The Memory of Vision
Fading in and out like poor reception on a television, Luke saw the waters of the Straits of Gibraltar glisten then darken several times before he looked away. Sitting on the small wall of white stone that surrounded the parking lot he ran his hands over the rough stone as he looked around for his partner, Mike. With Mike nowhere in sight, Luke could feel the panic rising in him, that sense of dread that started in his stomach and crept into his throat, at times almost choking him. He stood and walked carefully to the front of the red store with the sign that said The Last Shop in Europe and put his face to the glass and peered in. He could barely make out the images inside, but Mike was there, standing in front of shelves loaded with small objects, most likely souvenirs of Gibraltar. Mike bought souvenirs wherever they had traveled together.
Luke rested against the glass and squinted at the sunlit white Ibrahim-al-Ibrahim mosque and the white cliffs of Gibraltar behind it. It blurred into and out of shape as he stared at it, its minaret sometimes completely lost in the bright light of late afternoon. He rubbed his eyes and walked back to the wall and sat down again and faced Morocco, unseen but not so far away as not to be imagined. They planned to go there tomorrow by ferry. Above the waters of the strait Luke could make out a few seagulls dancing in the sky, their loud cries echoing much like bitter complaints.
It was in the Bahamas, on a white sand beach lined with tall palm trees, when the boats on the sparkling water faded from his vision that Luke had first became concerned. That was before the trips to see the missions in Arizona, or the Columbia Gorge, or the doll museum in Kansas City. Those places and all the others Luke remembered not so much for their own merits, but by the ever increasing inability to make out the smaller details and the feeling that his eyes were being closed without the involvement of his eyelids. It wasn’t until they were standing in the National Gallery of Art looking at a white marble statue beneath a white light and it all disappeared from his sight for several moments that he admitted to himself and to Mike that something was terribly wrong with his eyes. The news that he was going blind and it could not be helped came soon after.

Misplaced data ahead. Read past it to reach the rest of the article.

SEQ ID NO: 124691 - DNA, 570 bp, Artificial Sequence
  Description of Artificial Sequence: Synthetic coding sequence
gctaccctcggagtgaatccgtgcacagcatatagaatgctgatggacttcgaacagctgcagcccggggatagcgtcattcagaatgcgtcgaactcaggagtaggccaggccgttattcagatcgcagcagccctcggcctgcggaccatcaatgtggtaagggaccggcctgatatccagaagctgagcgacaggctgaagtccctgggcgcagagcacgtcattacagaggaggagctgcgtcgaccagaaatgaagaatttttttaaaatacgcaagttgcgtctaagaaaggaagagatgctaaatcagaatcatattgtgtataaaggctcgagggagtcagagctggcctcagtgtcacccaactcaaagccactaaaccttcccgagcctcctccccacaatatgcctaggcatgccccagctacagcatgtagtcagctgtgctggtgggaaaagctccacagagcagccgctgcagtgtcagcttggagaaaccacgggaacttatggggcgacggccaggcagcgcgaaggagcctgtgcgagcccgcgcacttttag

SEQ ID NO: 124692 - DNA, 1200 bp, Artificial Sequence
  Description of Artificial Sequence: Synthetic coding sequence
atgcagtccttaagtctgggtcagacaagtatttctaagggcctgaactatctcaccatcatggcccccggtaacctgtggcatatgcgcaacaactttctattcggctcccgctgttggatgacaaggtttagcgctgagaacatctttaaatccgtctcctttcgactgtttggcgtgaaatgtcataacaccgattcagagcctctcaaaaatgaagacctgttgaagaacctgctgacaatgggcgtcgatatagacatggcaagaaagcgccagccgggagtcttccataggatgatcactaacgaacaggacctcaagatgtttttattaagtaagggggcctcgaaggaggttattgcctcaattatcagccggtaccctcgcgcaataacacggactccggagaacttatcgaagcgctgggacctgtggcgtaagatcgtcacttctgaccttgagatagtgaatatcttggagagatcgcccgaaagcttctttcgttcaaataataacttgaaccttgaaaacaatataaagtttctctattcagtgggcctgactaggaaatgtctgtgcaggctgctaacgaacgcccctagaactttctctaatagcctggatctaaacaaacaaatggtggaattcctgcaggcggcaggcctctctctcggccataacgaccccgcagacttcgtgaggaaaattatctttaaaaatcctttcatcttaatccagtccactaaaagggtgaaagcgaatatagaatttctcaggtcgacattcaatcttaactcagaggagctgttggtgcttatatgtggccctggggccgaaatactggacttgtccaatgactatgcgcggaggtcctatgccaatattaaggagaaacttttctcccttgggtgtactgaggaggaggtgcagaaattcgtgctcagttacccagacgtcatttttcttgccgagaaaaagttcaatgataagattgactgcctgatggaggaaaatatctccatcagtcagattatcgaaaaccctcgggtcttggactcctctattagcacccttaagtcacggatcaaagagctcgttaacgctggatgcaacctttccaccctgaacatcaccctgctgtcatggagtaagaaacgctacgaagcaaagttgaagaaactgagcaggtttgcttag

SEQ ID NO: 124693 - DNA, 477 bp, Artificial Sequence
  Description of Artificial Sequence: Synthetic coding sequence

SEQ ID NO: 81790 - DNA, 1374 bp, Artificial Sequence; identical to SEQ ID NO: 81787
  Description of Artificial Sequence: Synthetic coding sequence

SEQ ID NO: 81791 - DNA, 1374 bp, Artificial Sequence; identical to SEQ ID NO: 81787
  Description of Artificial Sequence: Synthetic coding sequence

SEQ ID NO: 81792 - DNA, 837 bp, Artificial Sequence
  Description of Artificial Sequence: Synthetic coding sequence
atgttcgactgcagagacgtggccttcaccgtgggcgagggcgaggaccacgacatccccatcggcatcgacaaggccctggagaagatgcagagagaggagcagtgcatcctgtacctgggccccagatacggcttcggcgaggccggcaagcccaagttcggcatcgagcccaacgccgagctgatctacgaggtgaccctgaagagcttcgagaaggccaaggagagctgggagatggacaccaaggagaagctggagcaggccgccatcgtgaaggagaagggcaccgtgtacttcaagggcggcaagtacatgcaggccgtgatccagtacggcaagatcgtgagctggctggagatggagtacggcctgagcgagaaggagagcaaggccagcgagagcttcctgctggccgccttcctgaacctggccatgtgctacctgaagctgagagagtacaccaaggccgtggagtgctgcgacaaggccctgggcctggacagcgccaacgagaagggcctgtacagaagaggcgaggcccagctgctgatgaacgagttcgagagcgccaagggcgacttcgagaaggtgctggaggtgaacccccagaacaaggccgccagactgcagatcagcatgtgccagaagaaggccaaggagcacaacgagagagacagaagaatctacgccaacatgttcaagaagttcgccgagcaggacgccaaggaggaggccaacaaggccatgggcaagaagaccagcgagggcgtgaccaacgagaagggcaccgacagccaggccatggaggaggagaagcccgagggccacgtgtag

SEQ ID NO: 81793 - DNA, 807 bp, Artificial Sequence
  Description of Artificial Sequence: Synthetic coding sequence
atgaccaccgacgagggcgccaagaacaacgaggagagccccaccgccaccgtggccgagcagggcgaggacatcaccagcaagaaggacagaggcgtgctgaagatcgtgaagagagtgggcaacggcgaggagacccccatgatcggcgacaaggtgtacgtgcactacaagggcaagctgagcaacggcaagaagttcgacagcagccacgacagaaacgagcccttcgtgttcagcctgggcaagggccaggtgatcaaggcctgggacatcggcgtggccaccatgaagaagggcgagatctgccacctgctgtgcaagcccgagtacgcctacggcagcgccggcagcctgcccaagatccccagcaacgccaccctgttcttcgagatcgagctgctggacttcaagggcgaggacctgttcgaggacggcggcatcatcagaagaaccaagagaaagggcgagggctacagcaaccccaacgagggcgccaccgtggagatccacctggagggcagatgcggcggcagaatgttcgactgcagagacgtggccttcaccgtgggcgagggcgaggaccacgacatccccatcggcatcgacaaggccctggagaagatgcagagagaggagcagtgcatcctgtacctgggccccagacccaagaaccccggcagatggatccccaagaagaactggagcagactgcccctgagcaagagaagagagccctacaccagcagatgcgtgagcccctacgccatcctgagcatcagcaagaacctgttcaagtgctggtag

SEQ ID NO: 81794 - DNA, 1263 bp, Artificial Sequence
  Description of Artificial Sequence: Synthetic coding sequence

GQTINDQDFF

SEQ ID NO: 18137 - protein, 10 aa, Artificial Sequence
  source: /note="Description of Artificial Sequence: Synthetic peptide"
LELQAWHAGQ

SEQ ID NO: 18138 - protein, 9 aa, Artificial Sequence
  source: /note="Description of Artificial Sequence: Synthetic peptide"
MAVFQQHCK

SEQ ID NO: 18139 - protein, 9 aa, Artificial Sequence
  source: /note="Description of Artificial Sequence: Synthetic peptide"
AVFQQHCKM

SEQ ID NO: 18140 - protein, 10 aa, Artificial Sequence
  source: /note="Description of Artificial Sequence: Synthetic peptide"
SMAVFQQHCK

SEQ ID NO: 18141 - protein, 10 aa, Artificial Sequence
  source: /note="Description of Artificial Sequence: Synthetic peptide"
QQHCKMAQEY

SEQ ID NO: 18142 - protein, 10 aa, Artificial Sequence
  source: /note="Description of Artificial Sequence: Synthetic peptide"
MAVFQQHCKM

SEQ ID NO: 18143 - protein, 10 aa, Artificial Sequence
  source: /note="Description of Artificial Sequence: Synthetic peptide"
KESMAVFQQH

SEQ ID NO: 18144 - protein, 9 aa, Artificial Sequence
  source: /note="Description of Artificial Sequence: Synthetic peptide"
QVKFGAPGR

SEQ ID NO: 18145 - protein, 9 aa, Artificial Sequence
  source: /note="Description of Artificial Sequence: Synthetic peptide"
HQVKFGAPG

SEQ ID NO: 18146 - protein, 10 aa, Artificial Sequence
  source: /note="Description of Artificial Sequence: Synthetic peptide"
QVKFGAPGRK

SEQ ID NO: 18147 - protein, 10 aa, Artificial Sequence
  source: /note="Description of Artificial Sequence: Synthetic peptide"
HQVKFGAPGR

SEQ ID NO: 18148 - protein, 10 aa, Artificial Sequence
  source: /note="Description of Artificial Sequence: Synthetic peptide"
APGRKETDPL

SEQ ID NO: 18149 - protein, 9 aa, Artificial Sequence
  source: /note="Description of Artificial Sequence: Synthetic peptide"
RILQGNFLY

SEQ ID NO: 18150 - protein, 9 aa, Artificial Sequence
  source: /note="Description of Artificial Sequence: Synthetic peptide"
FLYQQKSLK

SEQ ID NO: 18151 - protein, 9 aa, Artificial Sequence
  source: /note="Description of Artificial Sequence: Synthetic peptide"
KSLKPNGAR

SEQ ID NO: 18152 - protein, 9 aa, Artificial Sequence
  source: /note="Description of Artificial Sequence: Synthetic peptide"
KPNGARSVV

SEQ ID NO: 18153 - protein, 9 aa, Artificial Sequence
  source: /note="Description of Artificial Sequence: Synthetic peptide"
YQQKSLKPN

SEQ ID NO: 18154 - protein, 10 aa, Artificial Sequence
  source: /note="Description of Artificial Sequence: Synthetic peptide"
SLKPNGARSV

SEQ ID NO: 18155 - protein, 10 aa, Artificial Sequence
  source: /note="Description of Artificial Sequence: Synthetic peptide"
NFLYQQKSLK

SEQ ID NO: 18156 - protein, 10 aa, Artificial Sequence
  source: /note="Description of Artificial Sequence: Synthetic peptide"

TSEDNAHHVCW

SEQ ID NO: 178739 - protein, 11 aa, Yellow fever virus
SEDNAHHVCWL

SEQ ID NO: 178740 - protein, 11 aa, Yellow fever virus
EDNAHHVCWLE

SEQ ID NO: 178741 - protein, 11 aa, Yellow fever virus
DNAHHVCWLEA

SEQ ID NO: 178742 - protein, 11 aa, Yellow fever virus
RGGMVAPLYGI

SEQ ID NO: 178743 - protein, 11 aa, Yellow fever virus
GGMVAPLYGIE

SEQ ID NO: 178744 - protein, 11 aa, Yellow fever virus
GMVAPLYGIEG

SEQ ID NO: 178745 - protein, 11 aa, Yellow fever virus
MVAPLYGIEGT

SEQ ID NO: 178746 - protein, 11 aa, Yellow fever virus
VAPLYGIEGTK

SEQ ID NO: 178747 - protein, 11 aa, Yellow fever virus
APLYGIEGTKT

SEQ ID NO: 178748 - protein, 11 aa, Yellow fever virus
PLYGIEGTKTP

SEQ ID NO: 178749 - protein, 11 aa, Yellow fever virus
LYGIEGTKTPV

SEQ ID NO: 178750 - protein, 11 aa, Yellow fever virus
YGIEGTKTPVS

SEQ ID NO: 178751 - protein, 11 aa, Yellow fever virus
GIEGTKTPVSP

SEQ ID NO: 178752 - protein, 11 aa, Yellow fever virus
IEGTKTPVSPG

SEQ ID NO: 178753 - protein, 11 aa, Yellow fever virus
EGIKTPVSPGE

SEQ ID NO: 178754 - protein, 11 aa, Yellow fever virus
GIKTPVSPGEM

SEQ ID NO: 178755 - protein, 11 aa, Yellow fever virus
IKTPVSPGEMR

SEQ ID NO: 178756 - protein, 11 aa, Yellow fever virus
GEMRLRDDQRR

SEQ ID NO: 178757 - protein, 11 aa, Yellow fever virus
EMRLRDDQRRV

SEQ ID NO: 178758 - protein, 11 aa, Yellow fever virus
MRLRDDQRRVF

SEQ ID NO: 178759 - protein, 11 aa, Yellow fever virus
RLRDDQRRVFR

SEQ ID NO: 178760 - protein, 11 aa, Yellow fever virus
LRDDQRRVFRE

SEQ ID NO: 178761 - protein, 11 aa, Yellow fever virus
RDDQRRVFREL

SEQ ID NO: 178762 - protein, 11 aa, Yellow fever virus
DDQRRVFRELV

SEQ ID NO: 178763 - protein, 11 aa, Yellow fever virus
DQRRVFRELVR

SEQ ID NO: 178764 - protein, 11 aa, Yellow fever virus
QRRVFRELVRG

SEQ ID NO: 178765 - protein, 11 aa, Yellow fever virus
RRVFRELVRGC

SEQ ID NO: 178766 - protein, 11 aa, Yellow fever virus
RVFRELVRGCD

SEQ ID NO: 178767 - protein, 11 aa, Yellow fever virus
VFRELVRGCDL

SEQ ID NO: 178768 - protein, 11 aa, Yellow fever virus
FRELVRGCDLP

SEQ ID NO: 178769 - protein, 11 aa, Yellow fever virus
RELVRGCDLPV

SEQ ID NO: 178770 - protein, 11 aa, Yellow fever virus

In Gibraltar the day before he and Mike had taken a road and then a path up the rock and fed peanuts and apple slices to the Barbary Apes. They then stood at the top of Gibraltar and looked down at the thousands of gulls swooping in and out of their nesting places on the cliff that shot straight up from the water. Luke had not told Mike how little of them, the gulls, he had been able to make out, how much they seemed no more than mists darting in and out of view. But he could feel their presence, that mass of feathered life he’d seen in other places, off the shores of Nova Scotia and Oregon. He didn’t tell Mike about the dizziness either, something new and frightening. When he had grabbed Mike’s arm to steady himself as they looked down from such heights, Mike thought it was an act of fear of the height or affection, and had gently patted Luke’s hand. Mike rarely asked about how Luke was feeling or about the symptoms and Luke rarely volunteered any unsolicited information.
In the months that followed Luke did what he always did, he worked, read, went to the movies and spent time with friends, and he and Mike traveled, to San Francisco, to the civil war sites in Virginia, to Toronto. Knowing it did little good to complain, Luke never mentioned to Mike that the brighter the day the less in the distance he could see or that small objects often disappeared from his sight entirely. He bought post cards along the way, and when they returned home he would sit alone at his desk in the study and look at them through a magnifying glass and there imbed into his memory those images he had not been able to see while at the actual sites. As his sight came and went unpredictably, he managed to fool even Mike who knew him better than anyone else, and traveled as if he were seeing everything. No one noticed that he talked little about what he saw, but said a great deal about what other qualities he recalled about a place.
There on the wall with Morocco not far away, Luke was suddenly overcome with grief. He had known for sometime the anxiety he felt about what lay ahead, but he had shoved his deeper feelings, his utter sadness, to some place deep within him. He closed his eyes and tried to imagine the straits of Gibraltar unseen, or going through the markets in Morocco and not seeing the faces of the merchants. His own tears surprised him as they ran down his cheeks. He wiped them away and opened his eyes and saw nothing, only blackness. He waited for things to come into focus, for the light to invade the darkness, but as he sat there alone and listening to the gulls and the world remaining shrouded in complete night, he knew that the time had arrived. He was now blind and there was nothing he or anyone else could do about it.
“You should have come in to the shop.” It was Mike, sitting down on the wall next to Luke.
Luke heard the rustling of a plastic bag. “What did you buy?”
“A snow globe with the mosque inside,” Mike said laughing. “Do you want to see it?”
“Not right now,” Luke said. “I’m enjoying the view.”
Steve Carr, from Richmond, Virginia, has had over 500 short stories published internationally in print and online magazines, literary journals, reviews and anthologies since June, 2016. He has had seven collections of his short stories published. His paranormal/horror novel Redbird was released in November, 2019. He has been nominated for a Pushcart Prize twice. His Twitter is @carrsteven960. His website is https://www.stevecarr960.com/
He is on Facebook:https://www.facebook.com/steven.carr.35977